The road ahead for longwall automation

YEARS of hard work bringing longwall automation to commercialisation has come to fruition with many major outcomes of the ACARP-funded project being achieved. But the story does not end there, with CSIRO researchers now immersing themselves in further work on commercialisation, prototype testing and new technology development over the next few years.
The road ahead for longwall automation The road ahead for longwall automation The road ahead for longwall automation The road ahead for longwall automation The road ahead for longwall automation

Beltana longwall. Image courtesy of the NSW Department of Primary Industries.

Angie Tomlinson

Success has already been found with the Longwall Automation Steering Committee (LASC) automation systems at Xstrata's Beltana and BMA's Broadmeadow longwall mines thoroughly testing the systems and now using them full-time.

Now CSIRO plans to work closely with the major longwall original equipment manufacturers (OEMs) to ensure the LASC technology is introduced to the market as efficiently as possible and to make certain the system immediately delivers its full potential to the market.

The commercial rollout of the system has found success already with Vale's new Carborough Downs mine ordering a longwall system from Inbye Mining Systems which includes LASC technology.

“The face equipment supply for the Carborough Downs longwall, as with many current longwall tenders, will be LASC-compliant,” said CSIRO's Exploration and Mining principal research engineer David Reid.

“Carborough Downs will be one of the sites where we will be working with the equipment suppliers to achieve best practice rollout of LASC technology over the next two years."

CSIRO plans to support its OEM partners for about three years, after which Reid says the equipment manufacturers will be well placed to take the technologies forward and tailor them to their individual product offerings.

To further improve the technology, CSIRO will conduct ongoing field trial work with the creep/retreat and horizon control components of the LASC technology so it can be rolled out on a commercial basis within the next 12 months.

Horizon control sensors, such as marker band detection and thermal infra-red sensing prototypes, will be developed and tested by CSIRO over the next two years.

The research team will also test prototypes of more general sensors for face monitoring, including shield convergence, void detection and collision avoidance.

“These sensors will facilitate the next phase of longwall automation which will concentrate on managing exception conditions. This will enable serious consideration of the possibility of the removal of people from the most hazardous face areas," Reid said.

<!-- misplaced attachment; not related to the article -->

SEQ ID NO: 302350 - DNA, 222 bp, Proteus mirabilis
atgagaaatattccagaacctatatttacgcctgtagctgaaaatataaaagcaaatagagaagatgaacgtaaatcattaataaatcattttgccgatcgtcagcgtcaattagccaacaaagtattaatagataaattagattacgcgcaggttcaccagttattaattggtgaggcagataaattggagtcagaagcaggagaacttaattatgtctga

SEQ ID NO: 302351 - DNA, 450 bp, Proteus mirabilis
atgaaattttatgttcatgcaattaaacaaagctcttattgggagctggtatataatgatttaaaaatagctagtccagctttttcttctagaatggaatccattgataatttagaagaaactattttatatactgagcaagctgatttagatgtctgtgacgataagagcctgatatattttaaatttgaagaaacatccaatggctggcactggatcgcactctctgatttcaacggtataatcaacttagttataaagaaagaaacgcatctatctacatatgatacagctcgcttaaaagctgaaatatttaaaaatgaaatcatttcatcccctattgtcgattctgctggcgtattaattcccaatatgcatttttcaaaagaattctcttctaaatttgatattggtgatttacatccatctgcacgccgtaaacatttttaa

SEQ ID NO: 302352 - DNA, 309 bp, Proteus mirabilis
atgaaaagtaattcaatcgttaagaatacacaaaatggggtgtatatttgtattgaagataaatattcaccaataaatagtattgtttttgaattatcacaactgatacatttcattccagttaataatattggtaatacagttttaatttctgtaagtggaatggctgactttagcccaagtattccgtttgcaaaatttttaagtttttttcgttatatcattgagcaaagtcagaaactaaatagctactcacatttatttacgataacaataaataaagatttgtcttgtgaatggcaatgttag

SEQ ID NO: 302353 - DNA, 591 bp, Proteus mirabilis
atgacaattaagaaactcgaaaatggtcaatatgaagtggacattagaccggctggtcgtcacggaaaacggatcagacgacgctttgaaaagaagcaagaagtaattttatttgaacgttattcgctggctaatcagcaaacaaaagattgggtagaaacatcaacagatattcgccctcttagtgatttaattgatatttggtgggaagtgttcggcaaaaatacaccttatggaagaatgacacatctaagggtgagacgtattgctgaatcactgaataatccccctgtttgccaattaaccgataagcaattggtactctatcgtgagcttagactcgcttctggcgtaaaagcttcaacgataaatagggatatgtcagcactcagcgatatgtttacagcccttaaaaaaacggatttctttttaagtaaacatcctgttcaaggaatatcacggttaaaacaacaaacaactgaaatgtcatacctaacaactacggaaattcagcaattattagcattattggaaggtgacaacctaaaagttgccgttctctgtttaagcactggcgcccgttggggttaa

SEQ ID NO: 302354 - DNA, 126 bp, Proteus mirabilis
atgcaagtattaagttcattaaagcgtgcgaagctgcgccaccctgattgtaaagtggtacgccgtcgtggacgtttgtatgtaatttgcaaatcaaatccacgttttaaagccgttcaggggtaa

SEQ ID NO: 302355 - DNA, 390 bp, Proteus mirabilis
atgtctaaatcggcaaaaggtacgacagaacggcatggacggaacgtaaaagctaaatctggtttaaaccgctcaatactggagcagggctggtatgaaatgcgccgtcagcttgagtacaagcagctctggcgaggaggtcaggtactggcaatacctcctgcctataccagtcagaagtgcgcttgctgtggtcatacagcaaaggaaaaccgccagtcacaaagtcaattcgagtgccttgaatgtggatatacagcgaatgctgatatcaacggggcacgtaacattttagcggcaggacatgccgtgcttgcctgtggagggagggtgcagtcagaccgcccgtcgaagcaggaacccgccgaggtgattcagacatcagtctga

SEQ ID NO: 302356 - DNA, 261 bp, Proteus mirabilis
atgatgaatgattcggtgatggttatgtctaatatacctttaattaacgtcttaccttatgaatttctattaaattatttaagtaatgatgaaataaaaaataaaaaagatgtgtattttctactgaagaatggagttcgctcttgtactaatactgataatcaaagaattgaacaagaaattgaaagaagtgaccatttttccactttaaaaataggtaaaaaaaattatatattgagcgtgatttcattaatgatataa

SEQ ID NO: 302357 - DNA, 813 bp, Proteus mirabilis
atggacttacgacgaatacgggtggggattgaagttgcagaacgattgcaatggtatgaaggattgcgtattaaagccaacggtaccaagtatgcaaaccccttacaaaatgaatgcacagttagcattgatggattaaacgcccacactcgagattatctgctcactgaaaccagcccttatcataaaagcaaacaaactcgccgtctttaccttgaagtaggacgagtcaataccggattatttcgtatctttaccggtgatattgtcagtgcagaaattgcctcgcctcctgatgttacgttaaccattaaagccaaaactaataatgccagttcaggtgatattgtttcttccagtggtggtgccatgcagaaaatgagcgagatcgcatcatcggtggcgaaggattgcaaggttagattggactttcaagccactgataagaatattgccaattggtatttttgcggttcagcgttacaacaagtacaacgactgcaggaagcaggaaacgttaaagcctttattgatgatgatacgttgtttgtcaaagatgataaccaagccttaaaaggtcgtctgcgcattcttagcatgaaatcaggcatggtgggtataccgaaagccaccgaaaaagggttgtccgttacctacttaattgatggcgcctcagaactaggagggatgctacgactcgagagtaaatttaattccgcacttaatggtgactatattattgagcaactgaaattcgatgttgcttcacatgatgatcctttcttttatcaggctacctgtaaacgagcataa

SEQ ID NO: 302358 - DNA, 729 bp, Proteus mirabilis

CSIRO will also continue with new technology developments in the areas of subsurface radar, optimised inertial navigation and machine localisation, which will all have direct linkage into longwall and other mine automation systems.

For inertial navigation, CSIRO plans to optimise the high-end navigation technology for underground mining applications.

The team is also moving ahead with new and exciting radar technologies for subsurface sensing, machine localisation and motion measurement.

Not limiting itself to the longwall, CSIRO is currently discussing potential inputs to continuous miner navigation and control technology development projects.

So with a clear plan of what lies ahead, what have the automation researchers already achieved?

LASC automation systems have been installed at Beltana and Broadmeadow mines and in part at Grasstree. The systems are now used on a 24/7 basis and have provided production benefits to the mines.

The LASC Information System (LIS) has been updated and successfully implemented at the Beltana and Broadmeadow mines. The LIS enables 3D visualisation of the longwall environment and equipment to be remotely accessed in real time from the minesite’s local area network (LAN) or via a secure VPN connection on the internet.

The Shearer Position Measurement System (SPMS) has been upgraded to a modular commercial production standard hardware solution.

To address horizon control issues CSIRO has developed a compact hardware solution for visual face monitoring, an approved enclosure for a thermal infra-red camera, and software for providing horizon control through faulted conditions has been delivered. The incorporation of the LASC Cut Model information into OEM horizon control algorithms has been benchmarked and underground tested.

In new technology developments a prototype system for shield convergence monitoring has been produced and studies to identify techniques for coal flow optimisation and void monitoring have been carried out.

With the main structure now laid, it is now up to CSIRO and OEMs to add the finishing touches and for industry to embrace the technology.

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